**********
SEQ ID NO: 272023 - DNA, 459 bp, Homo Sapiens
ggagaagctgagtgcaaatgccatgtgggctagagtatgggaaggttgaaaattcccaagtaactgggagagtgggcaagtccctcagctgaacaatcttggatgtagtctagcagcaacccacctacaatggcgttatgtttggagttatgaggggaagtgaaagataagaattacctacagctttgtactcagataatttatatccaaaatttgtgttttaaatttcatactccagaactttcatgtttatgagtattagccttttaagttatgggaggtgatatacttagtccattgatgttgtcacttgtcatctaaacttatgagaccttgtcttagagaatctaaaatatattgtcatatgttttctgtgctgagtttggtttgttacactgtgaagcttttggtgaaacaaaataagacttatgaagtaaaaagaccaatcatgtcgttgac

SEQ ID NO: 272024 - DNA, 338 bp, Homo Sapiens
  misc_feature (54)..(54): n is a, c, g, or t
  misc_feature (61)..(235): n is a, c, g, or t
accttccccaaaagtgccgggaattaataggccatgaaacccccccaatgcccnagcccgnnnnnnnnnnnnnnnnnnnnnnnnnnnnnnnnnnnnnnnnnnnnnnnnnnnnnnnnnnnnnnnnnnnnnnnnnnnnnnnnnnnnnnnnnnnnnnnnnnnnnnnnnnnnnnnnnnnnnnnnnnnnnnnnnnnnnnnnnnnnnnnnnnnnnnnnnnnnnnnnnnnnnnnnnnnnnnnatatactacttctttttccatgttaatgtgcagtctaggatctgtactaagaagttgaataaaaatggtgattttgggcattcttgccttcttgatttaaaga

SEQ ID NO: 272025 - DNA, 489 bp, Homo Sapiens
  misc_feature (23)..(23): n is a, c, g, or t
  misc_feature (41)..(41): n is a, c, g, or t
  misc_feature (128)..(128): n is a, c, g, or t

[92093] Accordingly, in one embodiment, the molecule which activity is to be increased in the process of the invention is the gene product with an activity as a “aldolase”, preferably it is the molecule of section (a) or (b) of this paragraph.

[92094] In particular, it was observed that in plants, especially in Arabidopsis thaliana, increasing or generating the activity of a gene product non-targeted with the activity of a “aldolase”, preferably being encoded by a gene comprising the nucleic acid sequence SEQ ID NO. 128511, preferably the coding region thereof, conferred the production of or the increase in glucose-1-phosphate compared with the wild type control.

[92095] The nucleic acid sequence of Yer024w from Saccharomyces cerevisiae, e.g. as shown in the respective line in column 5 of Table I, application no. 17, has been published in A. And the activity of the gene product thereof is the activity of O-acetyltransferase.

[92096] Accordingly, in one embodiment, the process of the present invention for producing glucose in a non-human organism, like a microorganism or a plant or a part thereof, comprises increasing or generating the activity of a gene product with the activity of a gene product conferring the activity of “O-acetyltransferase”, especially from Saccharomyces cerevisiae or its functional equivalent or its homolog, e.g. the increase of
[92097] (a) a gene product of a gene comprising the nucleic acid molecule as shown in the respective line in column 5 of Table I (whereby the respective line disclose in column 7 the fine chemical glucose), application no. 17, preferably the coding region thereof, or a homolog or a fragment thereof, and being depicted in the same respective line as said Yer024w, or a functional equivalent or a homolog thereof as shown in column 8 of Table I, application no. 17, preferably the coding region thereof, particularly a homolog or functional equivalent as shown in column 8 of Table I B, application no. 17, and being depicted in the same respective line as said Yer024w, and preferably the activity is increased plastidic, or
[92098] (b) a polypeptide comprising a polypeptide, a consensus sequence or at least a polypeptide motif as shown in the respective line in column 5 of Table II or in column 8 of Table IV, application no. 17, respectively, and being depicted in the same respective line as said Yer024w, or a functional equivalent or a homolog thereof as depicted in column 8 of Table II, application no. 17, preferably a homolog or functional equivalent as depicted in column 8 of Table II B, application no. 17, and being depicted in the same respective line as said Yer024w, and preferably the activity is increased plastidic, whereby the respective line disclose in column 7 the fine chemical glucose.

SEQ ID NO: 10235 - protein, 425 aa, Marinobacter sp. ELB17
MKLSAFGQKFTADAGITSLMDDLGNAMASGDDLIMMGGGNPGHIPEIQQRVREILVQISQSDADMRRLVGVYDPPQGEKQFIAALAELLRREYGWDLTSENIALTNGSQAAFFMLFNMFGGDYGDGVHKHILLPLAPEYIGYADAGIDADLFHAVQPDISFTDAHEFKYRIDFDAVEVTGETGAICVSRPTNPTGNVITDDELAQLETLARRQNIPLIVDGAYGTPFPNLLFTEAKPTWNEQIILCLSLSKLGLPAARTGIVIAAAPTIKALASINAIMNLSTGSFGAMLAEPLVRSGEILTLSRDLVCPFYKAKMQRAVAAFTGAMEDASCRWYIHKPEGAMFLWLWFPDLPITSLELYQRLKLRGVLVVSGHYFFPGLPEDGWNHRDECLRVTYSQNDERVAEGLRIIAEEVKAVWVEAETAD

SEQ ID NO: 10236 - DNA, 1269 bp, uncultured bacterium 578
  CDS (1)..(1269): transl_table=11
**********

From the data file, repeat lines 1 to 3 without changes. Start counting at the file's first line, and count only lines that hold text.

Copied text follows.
SEQ ID NO: 272023 - DNA, 459 bp, Homo Sapiens
ggagaagctgagtgcaaatgccatgtgggctagagtatgggaaggttgaaaattcccaagtaactgggagagtgggcaagtccctcagctgaacaatcttggatgtagtctagcagcaacccacctacaatggcgttatgtttggagttatgaggggaagtgaaagataagaattacctacagctttgtactcagataatttatatccaaaatttgtgttttaaatttcatactccagaactttcatgtttatgagtattagccttttaagttatgggaggtgatatacttagtccattgatgttgtcacttgtcatctaaacttatgagaccttgtcttagagaatctaaaatatattgtcatatgttttctgtgctgagtttggtttgttacactgtgaagcttttggtgaaacaaaataagacttatgaagtaaaaagaccaatcatgtcgttgac

SEQ ID NO: 272024 - DNA, 338 bp, Homo Sapiens